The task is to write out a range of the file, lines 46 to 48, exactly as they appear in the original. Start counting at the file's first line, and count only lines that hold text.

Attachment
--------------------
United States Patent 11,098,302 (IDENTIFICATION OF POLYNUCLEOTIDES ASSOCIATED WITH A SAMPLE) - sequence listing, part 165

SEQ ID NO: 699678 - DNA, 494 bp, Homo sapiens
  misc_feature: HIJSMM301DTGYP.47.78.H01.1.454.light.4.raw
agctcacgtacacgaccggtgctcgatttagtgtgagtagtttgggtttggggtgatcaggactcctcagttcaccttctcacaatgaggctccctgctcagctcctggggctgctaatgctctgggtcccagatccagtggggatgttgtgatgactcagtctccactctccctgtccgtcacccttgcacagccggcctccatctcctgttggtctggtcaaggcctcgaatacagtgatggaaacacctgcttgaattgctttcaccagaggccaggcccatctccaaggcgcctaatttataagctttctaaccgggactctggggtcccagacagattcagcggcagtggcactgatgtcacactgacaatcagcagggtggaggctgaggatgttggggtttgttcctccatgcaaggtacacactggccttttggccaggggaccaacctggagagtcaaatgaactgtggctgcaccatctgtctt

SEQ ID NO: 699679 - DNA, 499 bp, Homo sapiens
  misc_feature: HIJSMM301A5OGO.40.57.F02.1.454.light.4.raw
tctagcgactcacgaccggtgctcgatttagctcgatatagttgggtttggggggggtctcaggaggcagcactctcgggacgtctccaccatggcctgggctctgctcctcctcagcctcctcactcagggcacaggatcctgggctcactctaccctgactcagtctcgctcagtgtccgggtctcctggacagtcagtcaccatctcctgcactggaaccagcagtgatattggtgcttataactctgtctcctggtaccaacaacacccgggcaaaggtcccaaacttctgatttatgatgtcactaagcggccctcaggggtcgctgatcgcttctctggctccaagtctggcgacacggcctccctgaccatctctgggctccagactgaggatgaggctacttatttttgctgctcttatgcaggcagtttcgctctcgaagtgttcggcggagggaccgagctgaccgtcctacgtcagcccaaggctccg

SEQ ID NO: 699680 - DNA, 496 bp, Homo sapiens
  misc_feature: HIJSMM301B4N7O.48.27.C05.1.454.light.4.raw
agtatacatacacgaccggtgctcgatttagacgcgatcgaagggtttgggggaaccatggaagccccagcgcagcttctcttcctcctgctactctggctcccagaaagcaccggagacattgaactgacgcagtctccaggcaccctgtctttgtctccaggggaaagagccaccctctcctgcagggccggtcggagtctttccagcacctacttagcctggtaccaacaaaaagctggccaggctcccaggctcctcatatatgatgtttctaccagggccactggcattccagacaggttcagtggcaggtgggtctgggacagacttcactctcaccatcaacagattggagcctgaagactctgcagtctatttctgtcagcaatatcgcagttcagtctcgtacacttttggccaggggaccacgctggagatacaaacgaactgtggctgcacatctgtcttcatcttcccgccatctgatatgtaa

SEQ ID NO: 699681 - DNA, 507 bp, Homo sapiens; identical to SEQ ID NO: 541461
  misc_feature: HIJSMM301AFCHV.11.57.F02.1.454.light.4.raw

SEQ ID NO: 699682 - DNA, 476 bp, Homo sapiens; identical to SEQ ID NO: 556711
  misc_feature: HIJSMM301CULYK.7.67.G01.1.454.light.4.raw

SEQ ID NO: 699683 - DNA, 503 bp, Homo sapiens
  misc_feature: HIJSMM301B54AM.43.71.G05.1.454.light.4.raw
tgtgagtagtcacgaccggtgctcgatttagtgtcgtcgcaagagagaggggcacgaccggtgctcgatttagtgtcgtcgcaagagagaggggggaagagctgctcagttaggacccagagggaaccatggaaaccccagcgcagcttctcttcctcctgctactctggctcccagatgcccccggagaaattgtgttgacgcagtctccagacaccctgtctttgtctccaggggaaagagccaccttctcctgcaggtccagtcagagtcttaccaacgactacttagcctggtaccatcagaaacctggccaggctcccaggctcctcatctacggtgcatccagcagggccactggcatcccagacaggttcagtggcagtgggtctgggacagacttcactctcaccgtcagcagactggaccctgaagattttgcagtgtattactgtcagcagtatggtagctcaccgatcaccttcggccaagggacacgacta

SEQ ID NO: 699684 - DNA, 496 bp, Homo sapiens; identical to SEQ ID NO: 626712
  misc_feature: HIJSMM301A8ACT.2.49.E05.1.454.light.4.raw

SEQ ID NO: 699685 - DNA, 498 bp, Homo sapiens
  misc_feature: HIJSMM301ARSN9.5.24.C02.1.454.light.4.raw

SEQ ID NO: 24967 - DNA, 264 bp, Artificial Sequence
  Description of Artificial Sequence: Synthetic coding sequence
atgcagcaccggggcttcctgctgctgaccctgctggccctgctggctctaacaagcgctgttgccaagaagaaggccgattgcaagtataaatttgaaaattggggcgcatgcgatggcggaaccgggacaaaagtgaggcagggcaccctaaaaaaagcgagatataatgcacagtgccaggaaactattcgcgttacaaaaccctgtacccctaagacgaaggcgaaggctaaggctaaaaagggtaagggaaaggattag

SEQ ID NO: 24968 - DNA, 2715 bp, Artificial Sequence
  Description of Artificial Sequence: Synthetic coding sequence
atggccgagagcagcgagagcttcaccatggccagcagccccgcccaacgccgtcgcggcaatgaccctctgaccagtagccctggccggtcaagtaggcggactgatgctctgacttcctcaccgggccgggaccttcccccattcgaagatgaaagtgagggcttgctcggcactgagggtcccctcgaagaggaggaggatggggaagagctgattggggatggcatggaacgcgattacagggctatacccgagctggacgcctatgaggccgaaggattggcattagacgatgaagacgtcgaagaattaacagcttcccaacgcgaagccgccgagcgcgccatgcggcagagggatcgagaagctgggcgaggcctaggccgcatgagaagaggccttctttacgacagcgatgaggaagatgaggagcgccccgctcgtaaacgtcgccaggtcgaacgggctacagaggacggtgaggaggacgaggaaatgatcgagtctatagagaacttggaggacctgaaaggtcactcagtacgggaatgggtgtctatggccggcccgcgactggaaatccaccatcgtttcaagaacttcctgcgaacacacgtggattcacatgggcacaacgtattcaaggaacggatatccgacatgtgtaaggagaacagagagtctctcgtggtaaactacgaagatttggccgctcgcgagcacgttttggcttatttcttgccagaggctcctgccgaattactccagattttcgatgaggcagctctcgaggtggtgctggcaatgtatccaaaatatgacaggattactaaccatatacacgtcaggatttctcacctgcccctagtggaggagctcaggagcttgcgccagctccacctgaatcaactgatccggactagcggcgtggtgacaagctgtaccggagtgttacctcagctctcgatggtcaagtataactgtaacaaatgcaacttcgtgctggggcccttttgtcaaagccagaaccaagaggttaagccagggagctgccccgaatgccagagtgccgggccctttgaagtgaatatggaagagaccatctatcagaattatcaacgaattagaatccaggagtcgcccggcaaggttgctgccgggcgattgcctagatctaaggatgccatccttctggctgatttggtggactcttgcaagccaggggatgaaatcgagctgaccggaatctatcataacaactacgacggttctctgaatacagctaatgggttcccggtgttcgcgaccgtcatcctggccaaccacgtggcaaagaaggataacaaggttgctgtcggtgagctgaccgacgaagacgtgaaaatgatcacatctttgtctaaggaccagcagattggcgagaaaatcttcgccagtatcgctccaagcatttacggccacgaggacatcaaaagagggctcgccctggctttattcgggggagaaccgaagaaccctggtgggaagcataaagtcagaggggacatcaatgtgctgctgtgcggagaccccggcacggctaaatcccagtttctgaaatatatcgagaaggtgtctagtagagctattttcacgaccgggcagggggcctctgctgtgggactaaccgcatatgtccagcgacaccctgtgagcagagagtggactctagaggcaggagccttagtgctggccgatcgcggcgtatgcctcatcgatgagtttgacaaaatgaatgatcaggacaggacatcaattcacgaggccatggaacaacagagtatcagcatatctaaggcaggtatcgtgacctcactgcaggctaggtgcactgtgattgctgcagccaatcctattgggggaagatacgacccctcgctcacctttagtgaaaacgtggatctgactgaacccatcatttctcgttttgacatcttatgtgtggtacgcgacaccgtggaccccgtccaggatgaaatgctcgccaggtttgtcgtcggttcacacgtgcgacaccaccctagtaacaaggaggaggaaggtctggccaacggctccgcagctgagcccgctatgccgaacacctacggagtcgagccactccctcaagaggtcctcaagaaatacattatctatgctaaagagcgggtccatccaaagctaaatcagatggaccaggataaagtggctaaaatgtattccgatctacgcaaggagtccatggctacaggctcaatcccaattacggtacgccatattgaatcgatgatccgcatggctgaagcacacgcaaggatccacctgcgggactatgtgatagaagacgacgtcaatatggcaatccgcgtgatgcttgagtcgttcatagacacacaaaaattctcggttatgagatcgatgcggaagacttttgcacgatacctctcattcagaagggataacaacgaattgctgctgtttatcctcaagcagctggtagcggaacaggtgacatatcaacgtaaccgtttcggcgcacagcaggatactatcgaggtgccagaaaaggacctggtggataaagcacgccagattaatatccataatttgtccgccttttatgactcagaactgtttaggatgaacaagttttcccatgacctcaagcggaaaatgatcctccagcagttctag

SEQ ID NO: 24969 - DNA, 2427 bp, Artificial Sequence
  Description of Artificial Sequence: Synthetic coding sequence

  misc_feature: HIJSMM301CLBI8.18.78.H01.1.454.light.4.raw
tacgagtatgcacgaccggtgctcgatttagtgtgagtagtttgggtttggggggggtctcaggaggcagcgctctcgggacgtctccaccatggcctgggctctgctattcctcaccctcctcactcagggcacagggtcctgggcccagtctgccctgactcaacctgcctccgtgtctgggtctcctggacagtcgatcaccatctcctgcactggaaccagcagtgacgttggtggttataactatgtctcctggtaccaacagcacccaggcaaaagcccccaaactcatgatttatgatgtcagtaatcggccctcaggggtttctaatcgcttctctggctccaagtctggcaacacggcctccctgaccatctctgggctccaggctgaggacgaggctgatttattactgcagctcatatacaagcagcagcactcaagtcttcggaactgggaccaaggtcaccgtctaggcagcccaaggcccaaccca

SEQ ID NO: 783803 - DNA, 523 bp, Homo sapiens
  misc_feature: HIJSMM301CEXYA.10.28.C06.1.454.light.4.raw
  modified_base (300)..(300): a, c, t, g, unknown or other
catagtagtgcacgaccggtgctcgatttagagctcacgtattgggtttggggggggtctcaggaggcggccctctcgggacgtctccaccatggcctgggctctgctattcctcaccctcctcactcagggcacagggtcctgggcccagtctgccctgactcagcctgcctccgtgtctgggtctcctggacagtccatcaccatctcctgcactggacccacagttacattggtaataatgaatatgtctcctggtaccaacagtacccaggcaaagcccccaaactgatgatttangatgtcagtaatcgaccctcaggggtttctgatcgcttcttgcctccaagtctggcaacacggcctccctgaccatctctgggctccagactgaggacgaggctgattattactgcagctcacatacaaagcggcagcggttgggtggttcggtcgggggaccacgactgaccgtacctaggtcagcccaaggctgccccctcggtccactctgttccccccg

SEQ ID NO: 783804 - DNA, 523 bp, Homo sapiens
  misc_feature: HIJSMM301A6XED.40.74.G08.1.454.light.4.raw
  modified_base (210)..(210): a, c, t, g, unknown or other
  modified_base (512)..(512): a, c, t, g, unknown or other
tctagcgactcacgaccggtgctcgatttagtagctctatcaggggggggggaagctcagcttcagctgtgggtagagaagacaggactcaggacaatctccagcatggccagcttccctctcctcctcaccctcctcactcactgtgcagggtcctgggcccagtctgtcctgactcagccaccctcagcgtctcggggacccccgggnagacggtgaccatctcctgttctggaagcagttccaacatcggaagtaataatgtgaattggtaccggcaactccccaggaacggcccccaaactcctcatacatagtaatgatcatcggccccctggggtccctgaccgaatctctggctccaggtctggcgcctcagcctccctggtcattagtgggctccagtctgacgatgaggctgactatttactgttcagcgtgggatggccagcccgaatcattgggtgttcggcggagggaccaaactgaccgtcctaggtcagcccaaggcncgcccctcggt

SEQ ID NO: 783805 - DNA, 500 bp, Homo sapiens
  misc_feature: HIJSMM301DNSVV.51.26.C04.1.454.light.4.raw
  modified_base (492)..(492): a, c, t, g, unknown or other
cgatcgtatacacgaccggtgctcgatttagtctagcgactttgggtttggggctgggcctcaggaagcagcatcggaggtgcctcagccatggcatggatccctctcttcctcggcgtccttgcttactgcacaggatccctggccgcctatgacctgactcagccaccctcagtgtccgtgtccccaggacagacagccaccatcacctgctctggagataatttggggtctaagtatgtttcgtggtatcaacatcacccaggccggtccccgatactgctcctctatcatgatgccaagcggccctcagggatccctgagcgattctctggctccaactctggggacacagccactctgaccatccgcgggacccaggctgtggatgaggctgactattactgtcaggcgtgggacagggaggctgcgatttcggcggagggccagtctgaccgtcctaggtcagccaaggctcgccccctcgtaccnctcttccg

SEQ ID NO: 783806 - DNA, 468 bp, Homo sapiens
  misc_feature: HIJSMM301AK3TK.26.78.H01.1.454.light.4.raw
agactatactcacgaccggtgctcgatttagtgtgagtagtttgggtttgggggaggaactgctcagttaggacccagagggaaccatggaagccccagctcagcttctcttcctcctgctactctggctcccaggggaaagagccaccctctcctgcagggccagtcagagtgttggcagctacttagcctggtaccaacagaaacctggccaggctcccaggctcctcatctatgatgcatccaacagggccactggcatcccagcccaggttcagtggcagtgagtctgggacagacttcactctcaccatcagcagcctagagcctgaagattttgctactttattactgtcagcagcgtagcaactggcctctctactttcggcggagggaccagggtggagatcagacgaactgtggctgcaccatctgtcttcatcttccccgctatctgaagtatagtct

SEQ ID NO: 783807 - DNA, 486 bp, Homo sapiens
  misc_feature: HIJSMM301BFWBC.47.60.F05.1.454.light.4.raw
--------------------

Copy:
  misc_feature: HIJSMM301AK3TK.26.78.H01.1.454.light.4.raw
agactatactcacgaccggtgctcgatttagtgtgagtagtttgggtttgggggaggaactgctcagttaggacccagagggaaccatggaagccccagctcagcttctcttcctcctgctactctggctcccaggggaaagagccaccctctcctgcagggccagtcagagtgttggcagctacttagcctggtaccaacagaaacctggccaggctcccaggctcctcatctatgatgcatccaacagggccactggcatcccagcccaggttcagtggcagtgagtctgggacagacttcactctcaccatcagcagcctagagcctgaagattttgctactttattactgtcagcagcgtagcaactggcctctctactttcggcggagggaccagggtggagatcagacgaactgtggctgcaccatctgtcttcatcttccccgctatctgaagtatagtct

SEQ ID NO: 783807 - DNA, 486 bp, Homo sapiens